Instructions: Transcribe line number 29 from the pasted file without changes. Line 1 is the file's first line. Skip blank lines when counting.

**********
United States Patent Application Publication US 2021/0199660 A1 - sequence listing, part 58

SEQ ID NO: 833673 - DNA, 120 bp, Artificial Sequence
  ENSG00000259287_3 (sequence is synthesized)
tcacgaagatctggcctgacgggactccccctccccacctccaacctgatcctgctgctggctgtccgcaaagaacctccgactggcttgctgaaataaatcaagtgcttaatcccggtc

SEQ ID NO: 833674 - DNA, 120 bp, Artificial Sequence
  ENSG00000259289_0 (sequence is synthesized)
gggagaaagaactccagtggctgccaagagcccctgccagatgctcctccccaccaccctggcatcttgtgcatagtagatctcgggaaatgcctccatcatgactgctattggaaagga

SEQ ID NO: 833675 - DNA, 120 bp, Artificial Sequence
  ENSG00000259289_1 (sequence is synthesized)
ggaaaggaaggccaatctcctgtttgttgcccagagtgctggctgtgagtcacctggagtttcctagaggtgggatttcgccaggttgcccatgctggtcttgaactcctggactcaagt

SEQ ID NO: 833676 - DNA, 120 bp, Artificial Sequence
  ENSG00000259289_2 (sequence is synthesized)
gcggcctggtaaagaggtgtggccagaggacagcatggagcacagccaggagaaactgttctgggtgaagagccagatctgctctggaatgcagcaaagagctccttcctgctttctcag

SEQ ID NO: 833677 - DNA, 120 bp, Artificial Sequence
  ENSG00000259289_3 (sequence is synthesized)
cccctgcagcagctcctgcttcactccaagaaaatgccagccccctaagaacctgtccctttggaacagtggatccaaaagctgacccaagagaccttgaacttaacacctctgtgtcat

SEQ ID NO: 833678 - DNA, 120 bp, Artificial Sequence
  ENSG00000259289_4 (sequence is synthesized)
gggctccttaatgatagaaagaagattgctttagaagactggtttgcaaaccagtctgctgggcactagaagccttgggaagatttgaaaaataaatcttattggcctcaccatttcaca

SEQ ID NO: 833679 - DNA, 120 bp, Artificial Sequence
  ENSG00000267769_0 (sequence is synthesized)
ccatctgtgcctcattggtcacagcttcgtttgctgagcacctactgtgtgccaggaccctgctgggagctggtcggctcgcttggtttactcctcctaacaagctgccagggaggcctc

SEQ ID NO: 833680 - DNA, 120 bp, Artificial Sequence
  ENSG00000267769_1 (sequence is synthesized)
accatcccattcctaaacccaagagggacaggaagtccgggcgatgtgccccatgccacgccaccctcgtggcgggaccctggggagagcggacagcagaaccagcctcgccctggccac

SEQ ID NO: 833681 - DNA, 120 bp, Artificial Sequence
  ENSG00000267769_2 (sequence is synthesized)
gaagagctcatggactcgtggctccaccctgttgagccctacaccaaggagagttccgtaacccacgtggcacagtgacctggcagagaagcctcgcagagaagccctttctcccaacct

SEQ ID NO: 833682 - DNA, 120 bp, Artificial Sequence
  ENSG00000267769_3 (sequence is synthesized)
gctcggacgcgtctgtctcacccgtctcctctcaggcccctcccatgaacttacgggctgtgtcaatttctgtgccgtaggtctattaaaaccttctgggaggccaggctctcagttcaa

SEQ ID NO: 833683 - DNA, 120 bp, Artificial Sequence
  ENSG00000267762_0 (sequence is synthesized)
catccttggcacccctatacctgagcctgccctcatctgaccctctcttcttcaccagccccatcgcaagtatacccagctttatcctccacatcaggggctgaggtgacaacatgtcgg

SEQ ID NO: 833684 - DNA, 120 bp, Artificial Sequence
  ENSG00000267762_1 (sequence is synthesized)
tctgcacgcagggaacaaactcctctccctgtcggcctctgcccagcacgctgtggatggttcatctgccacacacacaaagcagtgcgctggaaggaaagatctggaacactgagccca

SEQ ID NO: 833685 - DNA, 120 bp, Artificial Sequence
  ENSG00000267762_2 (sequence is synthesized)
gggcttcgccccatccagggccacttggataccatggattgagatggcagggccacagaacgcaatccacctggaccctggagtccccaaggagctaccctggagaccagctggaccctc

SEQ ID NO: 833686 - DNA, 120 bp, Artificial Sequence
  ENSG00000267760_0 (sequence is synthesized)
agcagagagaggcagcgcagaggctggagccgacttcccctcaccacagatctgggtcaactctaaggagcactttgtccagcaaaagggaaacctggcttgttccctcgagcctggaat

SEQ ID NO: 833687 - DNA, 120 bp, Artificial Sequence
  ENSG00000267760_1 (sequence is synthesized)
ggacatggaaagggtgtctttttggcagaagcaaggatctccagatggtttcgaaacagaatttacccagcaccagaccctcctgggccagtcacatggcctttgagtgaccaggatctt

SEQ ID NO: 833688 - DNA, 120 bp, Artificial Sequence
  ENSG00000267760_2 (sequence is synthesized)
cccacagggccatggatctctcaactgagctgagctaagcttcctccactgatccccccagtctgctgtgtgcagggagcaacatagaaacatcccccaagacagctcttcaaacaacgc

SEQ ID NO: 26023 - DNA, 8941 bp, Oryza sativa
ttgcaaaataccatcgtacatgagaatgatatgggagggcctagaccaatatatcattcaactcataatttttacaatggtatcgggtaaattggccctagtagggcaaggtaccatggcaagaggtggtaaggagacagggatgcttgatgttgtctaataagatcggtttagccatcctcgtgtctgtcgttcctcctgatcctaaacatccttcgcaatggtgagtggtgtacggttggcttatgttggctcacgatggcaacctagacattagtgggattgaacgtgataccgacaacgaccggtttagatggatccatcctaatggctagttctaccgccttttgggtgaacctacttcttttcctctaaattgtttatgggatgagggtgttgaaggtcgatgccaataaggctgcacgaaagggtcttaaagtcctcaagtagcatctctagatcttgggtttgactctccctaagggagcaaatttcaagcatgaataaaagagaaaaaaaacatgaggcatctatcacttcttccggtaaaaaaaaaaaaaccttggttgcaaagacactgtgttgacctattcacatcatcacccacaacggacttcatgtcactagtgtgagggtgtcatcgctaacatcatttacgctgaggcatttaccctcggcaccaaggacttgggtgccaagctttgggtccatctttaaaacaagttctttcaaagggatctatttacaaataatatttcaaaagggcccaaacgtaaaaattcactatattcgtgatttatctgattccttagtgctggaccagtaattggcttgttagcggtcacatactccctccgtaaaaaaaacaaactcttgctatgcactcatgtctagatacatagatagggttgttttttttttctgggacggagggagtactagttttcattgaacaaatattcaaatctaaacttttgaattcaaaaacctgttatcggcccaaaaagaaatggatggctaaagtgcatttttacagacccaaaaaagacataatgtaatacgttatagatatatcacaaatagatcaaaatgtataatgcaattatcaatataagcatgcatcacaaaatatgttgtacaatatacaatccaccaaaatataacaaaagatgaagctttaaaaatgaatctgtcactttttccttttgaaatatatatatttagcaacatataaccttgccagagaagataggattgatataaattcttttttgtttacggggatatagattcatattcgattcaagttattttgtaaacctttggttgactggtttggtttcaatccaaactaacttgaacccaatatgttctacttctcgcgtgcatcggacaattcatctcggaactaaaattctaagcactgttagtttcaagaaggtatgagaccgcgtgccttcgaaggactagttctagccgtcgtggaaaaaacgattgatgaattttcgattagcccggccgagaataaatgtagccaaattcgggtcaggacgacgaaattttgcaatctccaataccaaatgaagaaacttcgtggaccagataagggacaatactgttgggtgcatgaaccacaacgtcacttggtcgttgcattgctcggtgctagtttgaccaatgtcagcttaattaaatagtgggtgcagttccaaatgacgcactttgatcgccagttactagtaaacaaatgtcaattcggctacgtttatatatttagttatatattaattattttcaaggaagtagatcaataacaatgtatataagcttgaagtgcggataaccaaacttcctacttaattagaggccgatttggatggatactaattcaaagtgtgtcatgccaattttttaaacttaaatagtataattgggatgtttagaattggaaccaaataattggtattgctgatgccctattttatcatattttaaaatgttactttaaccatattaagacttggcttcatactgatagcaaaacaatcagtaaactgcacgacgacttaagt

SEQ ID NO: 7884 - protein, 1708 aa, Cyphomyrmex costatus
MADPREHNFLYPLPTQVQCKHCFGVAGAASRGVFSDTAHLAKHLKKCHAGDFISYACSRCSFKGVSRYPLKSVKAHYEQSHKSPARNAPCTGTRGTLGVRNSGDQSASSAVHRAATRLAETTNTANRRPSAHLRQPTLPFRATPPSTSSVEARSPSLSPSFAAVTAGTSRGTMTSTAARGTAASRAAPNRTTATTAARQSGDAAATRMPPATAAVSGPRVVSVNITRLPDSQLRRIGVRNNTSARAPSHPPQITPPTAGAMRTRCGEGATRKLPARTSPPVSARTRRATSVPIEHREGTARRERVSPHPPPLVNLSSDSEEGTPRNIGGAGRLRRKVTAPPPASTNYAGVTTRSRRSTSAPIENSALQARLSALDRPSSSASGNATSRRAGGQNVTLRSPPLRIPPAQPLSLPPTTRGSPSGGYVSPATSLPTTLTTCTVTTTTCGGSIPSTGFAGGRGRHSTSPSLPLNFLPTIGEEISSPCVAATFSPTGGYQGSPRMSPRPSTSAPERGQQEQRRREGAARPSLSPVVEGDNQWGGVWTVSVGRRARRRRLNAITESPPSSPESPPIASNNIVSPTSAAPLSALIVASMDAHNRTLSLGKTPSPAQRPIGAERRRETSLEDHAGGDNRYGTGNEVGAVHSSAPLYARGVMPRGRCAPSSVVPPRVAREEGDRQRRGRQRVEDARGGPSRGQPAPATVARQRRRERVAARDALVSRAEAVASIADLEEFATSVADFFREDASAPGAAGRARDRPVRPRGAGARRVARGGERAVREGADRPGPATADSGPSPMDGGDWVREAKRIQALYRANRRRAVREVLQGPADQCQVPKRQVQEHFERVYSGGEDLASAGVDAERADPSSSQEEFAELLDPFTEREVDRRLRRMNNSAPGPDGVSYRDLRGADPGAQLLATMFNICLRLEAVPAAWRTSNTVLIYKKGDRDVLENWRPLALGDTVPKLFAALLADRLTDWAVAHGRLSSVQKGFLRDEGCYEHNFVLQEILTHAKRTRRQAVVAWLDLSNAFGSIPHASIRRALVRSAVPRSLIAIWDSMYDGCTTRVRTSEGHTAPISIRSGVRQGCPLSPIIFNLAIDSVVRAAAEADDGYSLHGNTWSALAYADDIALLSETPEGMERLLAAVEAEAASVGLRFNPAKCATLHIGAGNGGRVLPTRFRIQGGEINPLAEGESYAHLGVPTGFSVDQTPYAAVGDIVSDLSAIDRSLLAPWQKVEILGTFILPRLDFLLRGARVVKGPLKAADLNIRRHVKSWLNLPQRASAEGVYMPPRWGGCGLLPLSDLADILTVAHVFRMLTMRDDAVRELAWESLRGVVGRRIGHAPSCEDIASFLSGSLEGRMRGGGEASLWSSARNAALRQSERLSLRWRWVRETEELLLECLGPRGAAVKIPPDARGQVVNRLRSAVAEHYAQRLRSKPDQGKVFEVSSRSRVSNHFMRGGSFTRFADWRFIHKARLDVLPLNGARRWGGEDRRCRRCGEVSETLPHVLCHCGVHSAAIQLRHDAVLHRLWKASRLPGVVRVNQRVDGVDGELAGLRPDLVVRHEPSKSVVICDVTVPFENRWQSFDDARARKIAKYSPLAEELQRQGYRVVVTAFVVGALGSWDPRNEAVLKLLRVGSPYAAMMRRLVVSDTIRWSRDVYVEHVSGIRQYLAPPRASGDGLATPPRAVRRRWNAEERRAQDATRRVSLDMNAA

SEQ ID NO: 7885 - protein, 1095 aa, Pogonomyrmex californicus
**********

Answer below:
SEQ ID NO: 833682 - DNA, 120 bp, Artificial Sequence